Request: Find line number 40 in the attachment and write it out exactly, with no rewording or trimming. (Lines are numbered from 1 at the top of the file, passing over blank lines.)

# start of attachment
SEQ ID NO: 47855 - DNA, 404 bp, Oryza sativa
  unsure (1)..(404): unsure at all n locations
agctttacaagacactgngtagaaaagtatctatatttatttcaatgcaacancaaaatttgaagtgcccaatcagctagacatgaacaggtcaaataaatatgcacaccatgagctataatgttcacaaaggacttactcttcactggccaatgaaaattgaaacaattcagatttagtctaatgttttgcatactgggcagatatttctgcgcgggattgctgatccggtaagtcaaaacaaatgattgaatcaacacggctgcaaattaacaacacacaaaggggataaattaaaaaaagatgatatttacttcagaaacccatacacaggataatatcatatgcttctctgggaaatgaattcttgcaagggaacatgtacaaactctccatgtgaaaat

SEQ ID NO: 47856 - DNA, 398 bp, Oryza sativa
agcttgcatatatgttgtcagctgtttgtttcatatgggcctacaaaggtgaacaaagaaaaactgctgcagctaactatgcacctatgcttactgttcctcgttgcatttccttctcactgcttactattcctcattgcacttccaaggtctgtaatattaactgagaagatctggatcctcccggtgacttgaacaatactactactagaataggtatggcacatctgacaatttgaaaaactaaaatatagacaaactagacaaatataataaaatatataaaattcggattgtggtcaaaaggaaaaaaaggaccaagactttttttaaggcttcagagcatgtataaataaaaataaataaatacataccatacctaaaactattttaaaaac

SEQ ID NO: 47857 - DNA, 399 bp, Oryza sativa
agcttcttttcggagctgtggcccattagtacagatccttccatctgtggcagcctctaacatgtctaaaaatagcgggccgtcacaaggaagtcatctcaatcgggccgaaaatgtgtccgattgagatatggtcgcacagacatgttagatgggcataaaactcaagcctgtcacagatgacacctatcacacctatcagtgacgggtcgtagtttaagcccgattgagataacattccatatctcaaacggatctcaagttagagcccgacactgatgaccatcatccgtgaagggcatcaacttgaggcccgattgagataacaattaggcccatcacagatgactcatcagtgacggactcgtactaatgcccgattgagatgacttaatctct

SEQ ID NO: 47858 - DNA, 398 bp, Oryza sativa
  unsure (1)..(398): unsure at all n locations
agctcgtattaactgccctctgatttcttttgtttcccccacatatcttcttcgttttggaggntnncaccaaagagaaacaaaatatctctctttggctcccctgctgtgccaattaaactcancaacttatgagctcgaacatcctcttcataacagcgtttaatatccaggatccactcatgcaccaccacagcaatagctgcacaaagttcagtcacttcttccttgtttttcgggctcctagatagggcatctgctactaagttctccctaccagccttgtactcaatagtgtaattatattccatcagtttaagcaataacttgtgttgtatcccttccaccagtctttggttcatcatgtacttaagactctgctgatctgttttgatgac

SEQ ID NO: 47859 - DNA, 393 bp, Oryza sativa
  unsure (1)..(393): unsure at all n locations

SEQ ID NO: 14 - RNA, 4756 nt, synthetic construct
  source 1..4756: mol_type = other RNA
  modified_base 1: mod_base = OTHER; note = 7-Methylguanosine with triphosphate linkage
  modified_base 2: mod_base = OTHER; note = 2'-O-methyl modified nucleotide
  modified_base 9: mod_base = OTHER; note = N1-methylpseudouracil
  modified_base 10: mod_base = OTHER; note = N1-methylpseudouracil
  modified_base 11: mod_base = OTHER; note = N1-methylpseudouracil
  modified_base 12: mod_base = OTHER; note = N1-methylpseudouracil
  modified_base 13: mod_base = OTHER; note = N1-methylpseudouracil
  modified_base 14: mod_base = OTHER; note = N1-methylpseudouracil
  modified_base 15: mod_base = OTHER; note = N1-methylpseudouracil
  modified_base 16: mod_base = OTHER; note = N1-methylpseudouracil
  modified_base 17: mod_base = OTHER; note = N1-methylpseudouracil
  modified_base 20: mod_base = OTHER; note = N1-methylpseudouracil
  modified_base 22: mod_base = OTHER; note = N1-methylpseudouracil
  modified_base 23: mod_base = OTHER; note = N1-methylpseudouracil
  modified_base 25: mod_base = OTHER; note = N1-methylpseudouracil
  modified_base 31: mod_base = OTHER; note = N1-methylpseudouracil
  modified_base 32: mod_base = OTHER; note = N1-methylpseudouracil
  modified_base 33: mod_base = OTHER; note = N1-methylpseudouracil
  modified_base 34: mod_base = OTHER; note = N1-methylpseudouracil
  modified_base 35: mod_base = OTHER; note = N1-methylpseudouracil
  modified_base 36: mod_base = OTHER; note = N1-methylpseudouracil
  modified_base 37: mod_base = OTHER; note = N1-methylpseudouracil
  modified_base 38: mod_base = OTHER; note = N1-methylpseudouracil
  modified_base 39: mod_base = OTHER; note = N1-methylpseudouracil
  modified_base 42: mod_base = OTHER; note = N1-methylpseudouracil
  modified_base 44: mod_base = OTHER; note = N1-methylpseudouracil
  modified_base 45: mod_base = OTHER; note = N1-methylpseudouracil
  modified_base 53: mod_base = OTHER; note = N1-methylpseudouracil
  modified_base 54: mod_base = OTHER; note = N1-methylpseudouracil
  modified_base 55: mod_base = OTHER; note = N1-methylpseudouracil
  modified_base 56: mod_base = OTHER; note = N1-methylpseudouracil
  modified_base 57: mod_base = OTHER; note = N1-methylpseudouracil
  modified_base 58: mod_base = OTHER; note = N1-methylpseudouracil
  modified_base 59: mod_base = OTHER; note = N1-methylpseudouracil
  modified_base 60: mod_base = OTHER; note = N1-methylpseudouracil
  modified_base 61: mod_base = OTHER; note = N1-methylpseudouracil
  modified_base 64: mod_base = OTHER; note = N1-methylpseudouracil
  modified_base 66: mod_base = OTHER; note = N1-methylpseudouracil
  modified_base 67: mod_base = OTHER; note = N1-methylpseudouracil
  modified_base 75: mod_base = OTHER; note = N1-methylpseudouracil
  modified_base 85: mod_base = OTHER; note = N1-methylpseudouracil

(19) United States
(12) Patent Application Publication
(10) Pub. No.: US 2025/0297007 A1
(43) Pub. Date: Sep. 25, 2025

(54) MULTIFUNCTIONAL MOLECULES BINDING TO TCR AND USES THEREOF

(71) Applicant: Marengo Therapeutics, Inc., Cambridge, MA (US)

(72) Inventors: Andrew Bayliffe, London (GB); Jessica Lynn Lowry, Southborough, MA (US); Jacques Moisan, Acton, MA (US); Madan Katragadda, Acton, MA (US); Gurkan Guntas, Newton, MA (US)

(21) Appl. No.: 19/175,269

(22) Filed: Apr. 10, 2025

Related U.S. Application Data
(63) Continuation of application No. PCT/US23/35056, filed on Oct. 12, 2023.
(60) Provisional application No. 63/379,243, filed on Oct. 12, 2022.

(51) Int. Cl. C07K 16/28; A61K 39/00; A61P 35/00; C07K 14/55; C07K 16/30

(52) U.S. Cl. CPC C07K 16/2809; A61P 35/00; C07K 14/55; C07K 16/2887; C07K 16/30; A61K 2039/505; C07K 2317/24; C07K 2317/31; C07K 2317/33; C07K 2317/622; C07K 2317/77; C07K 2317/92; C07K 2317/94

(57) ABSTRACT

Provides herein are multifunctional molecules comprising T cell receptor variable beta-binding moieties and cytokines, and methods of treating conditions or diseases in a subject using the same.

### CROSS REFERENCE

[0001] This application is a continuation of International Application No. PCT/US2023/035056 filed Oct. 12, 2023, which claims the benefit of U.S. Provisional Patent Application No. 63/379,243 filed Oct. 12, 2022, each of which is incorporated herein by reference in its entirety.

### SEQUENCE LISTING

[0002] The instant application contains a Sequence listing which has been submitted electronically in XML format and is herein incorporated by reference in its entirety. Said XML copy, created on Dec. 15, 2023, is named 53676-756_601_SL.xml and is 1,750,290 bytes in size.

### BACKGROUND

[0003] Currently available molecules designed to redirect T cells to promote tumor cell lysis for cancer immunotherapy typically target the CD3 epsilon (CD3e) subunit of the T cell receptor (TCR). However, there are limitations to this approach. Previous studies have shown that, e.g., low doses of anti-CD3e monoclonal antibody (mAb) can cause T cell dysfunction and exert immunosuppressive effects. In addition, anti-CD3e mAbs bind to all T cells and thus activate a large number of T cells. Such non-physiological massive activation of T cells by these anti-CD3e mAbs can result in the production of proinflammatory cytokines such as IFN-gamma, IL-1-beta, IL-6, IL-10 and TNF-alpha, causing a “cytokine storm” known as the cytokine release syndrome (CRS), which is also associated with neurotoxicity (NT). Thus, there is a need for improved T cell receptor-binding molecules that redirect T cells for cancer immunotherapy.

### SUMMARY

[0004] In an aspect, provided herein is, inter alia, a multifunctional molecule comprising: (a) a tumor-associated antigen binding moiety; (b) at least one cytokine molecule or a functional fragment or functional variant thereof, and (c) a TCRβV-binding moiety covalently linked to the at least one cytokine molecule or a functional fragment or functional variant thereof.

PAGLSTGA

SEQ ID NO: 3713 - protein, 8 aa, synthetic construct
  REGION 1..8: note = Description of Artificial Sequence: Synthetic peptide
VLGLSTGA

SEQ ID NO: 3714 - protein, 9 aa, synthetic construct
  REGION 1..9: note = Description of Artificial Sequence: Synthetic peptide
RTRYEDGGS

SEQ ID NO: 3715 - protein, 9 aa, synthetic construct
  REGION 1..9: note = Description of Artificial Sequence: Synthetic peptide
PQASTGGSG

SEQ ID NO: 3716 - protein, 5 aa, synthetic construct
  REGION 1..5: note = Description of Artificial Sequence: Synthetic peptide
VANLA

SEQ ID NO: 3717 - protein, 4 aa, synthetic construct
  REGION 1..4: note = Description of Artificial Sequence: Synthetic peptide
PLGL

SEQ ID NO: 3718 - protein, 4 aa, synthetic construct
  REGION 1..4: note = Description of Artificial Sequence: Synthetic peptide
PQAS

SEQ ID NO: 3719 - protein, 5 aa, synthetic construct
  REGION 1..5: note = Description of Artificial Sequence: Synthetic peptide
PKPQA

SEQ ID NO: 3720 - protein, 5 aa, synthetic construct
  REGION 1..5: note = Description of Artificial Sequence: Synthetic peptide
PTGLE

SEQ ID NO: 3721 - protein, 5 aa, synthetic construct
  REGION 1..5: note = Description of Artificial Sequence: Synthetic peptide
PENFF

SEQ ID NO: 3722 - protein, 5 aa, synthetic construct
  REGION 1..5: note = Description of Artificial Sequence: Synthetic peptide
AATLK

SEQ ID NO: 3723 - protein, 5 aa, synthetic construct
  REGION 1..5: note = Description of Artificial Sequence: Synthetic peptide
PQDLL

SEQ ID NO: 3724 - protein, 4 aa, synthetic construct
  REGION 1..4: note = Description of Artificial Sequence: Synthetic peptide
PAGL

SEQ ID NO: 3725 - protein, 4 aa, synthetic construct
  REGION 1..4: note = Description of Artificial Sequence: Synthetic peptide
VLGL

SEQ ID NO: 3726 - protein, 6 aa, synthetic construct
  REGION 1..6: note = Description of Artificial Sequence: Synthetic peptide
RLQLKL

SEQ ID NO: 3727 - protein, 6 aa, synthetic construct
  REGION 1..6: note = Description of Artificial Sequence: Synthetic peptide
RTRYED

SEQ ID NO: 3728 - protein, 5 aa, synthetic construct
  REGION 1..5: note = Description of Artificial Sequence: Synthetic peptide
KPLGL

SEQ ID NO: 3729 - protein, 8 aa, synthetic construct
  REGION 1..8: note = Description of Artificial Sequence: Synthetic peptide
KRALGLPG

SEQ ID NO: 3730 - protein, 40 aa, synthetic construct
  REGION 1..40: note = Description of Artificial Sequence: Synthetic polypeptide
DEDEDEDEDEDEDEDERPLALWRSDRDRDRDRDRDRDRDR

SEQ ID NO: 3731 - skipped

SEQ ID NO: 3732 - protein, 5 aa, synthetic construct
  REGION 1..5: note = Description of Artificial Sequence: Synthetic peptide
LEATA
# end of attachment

  modified_base 44: mod_base = OTHER; note = N1-methylpseudouracil